This pamphlet about the history of Scania's flag is a first attempt to
gather what is known about the flag. Unfortunately, much of the information
about its early history is not documented in written sources. This does not
necessarily mean that they are missing, but could instead be due to the fact
that nobody has searched for them before. The result is that I was forced to
include all manner of hearsay, which I will leave as is until they are
either documented or rejected. Research in the field has not yet reached
such an advanced stage that it is possible to evaluate the different sources
yet. I have therefore chosen to present the material as it is today with all
its shortcomings, and will subsequently proceed towards a thorough
evaluation when more information has been gathered.
With respect to recent history, from 1870 until today, everybody who has any
experience or any memory associated with the flag can assist. This is
because even here important pieces of the puzzle are missing particularly
with respect to the time before 1960.
We would be very grateful if you
could answer the following questions in writing:
When and in what circumstances did
you hear about the Scanian flag for the first time? When and in what
circumstances did you see a Scanian flag for the first time?
What did you think of this new
addition? What did it remind you of?
Did you think it was an attractive
regional symbol, or perhaps an expression of Scanian separatism, vanity or
Is it a good unifying symbol for
all of Scania, a supplement to the provincial coat of arms as the flags of
Skåne, Halland, Blekinge and Bornholm?
How would you like it if all of
Scania's municipalities flew the Scanian and the Swedish flags side by
What is your opinion of the fact
that the measurements of the Scanian flag today are more reminiscent of
the Dannebrog than of the Swedish flag?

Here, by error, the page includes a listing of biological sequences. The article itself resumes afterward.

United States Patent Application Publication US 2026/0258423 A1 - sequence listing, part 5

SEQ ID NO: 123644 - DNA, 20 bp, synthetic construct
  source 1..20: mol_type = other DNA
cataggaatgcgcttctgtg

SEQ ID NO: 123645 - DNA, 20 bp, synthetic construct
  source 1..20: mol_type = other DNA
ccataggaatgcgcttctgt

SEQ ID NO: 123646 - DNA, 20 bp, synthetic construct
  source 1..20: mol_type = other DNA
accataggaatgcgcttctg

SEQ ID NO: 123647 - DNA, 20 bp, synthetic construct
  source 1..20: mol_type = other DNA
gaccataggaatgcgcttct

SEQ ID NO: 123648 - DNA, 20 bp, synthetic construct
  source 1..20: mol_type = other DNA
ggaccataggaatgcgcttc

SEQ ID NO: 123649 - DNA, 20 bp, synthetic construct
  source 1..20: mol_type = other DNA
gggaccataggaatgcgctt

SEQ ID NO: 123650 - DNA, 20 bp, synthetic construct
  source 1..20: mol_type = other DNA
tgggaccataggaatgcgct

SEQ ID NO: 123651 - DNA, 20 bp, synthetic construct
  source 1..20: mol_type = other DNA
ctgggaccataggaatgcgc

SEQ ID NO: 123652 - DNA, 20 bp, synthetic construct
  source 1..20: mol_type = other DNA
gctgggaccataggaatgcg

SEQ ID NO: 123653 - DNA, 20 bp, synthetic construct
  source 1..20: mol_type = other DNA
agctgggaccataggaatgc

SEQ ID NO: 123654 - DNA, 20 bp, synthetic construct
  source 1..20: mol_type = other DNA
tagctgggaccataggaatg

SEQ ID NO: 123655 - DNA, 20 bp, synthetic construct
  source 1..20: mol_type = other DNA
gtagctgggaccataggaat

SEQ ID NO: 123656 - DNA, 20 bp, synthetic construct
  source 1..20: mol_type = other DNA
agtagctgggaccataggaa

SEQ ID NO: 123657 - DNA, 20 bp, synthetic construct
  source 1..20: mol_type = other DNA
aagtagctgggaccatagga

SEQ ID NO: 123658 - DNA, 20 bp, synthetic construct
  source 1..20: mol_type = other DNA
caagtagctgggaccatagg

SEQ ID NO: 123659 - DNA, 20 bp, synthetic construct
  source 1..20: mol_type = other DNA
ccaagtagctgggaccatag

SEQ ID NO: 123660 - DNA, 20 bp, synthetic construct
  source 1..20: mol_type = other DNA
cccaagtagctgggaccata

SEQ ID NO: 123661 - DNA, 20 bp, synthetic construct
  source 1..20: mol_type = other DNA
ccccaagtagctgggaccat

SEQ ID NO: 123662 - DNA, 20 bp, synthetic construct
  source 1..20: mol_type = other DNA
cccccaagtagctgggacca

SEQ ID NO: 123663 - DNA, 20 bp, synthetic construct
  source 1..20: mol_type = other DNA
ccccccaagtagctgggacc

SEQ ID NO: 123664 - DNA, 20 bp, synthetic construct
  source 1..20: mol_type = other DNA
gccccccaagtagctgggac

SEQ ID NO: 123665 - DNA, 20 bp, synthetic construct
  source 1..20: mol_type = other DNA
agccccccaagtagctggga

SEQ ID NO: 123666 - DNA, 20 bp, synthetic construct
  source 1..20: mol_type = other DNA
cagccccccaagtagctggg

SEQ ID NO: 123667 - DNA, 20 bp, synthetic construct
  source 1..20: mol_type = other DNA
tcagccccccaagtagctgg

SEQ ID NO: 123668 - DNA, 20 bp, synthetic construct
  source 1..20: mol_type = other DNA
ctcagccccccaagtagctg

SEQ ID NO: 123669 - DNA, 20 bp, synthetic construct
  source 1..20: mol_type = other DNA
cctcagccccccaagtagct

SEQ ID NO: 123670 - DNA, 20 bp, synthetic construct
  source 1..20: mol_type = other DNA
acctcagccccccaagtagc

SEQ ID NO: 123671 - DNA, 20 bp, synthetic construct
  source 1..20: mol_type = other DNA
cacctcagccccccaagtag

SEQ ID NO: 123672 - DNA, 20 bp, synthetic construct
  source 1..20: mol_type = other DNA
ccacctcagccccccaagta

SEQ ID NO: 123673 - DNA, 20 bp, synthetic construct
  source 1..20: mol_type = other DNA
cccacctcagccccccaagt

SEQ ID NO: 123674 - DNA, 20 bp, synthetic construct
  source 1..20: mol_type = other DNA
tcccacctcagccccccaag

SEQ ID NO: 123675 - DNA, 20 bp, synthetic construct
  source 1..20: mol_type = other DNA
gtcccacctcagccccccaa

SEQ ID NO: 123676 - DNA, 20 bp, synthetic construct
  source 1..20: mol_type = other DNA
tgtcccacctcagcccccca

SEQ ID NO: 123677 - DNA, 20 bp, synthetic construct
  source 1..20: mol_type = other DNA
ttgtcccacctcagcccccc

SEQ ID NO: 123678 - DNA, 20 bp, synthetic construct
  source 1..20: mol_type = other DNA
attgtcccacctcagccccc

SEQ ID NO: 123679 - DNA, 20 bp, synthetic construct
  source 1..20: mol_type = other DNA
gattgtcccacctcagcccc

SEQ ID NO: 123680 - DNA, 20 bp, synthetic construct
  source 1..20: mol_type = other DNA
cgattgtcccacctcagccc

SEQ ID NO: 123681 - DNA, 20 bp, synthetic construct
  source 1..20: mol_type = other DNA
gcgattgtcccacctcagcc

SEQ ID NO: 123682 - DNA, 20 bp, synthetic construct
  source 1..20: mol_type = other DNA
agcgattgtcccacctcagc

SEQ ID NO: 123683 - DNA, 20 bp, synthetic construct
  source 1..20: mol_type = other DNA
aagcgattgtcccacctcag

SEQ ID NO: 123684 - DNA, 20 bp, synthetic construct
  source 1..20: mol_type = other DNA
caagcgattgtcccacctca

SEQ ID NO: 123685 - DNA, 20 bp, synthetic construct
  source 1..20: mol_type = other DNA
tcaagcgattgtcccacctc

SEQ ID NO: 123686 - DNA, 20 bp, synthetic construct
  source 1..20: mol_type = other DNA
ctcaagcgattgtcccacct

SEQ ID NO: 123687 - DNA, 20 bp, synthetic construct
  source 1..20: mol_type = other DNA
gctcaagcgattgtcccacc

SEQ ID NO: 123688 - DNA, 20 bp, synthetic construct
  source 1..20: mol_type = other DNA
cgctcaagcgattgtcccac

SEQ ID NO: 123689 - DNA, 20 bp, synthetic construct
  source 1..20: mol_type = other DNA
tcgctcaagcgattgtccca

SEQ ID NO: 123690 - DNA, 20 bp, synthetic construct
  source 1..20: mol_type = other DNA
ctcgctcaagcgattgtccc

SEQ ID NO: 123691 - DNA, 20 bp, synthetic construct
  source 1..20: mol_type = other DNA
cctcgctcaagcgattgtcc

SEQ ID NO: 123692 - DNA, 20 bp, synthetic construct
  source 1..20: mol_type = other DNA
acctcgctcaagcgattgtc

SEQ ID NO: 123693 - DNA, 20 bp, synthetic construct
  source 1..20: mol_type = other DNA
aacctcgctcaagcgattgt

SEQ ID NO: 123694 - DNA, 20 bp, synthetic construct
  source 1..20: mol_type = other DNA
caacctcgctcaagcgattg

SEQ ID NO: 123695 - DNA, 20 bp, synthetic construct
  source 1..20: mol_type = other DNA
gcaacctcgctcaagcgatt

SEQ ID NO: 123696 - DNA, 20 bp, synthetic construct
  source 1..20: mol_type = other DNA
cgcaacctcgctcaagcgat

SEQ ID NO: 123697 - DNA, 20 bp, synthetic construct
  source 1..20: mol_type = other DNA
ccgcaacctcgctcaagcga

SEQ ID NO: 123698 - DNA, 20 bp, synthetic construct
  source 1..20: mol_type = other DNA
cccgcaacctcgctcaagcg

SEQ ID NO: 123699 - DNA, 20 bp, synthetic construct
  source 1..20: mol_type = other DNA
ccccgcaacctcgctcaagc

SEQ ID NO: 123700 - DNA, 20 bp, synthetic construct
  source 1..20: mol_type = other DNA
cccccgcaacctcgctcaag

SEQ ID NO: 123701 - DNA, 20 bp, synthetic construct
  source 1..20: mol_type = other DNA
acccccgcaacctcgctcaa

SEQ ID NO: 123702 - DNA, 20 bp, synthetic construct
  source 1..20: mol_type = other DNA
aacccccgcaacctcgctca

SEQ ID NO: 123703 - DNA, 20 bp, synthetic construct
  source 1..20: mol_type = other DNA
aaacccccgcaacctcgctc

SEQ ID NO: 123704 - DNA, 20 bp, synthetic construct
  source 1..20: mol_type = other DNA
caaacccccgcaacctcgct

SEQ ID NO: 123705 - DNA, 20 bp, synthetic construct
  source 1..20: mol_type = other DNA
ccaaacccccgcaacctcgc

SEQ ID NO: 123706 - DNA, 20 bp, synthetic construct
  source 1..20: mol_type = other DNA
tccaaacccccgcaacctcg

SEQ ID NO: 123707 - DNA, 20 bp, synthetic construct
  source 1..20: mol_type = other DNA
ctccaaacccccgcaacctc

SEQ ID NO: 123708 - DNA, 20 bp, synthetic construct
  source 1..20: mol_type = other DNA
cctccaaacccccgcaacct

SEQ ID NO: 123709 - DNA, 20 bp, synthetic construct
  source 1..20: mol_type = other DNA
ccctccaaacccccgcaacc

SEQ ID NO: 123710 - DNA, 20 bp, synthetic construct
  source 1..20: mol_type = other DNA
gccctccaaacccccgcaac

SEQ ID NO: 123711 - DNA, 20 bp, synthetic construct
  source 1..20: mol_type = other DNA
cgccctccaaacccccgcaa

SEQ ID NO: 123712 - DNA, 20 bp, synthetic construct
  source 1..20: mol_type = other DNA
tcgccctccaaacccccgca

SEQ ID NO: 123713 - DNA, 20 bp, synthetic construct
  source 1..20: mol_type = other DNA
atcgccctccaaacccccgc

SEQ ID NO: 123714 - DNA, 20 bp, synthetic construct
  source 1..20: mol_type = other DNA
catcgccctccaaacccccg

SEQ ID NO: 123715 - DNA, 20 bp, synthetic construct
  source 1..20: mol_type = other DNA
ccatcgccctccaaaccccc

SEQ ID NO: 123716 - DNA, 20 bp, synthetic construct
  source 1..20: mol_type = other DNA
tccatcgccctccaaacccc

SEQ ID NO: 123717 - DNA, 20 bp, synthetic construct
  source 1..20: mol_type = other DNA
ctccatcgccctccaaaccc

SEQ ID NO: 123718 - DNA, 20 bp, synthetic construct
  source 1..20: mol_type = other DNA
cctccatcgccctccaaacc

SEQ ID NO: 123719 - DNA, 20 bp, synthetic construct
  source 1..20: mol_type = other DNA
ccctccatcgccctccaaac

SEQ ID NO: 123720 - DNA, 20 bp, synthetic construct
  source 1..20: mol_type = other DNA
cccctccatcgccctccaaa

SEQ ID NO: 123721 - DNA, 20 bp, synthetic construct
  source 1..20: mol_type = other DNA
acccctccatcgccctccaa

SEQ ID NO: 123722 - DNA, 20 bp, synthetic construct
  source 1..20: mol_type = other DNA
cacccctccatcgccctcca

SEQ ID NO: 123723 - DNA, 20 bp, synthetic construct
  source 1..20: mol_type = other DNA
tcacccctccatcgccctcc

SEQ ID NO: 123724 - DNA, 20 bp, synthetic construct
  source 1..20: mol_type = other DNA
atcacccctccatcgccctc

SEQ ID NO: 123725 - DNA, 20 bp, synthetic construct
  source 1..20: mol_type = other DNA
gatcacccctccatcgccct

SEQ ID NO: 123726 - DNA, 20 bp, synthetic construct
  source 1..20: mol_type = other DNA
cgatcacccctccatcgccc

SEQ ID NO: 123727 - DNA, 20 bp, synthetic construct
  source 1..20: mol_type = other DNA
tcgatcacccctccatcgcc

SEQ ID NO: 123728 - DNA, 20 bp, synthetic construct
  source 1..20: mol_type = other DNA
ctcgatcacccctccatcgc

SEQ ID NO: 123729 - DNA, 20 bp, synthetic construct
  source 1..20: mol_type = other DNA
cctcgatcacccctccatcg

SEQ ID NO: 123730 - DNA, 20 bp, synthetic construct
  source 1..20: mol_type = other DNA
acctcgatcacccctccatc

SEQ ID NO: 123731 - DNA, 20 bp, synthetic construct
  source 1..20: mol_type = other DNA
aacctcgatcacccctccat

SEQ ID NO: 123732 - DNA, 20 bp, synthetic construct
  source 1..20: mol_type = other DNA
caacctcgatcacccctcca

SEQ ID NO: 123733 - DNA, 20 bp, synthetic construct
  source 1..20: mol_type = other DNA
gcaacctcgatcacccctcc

Who are primarily using the
Scanian flag? Scanians in the dispersion, "real Scanians" in Scania, or
... ? Does age or social class play a role?
Have there been or are there
geographic differences with respect to the use of the Scanian flag?
Would you say that historically
knowledgeable individuals feel that a flag that represents our own Scanian
history is natural?
Why do you think it is flying?
What does it signify?
When did you notice that people
started to use the Scanian flag and the Scanian colours in advertisements
for Scanian products? Please give examples!
Who was the first to use and who
has most consistently used the Scanian colours?
Why do you think that these
colours are used to a much greater extent in these contexts than the
Have you seen or heard about the
Scanian flag outside of Scania, in the rest of Sweden, in Denmark, Norway,
Finland or another country?
If yes, when, where and in what
Do you think that the Scanian flag
is a well-known symbol also outside of the Scanian provinces?
Do you feel that people in
Blekinge, Halland and on Bornholm should recognise the Scanian flag as
their symbol to the same extent as in Scania?
What do you think about regional
flags? Should the flag be a cultural and national Scanian flag or a
regional and geographical flag?
How should different cultural groups
within a state show their symbols in the form of
Does Scania, which previously was
a part of Denmark, has its own language, culture and a well-defined
Does the same apply to the Sami
people of Sweden, Norway, Finland and Russia? The Gotlanders, Värmlanders,
A heartfelt Thank you for your cooperation.
Stiftelsen Skånsk Framtid -
The Foundation for Scania's
Future P.O.B. 93 S-240 30 Marieholm Email:
Please fly the Scanian flag!
Why not both Scanian and Swedish flags!
Or the Scanian, Swedish and Nordic flags!
Or together with the flag of any other country in which
Flag of Scania
Published and copyright by Stiftelsen Skånsk Framtid
Research by Sven-Olle Olsson, Ph.D.
Translation from Swedish: Ingrid E Clenman, Canada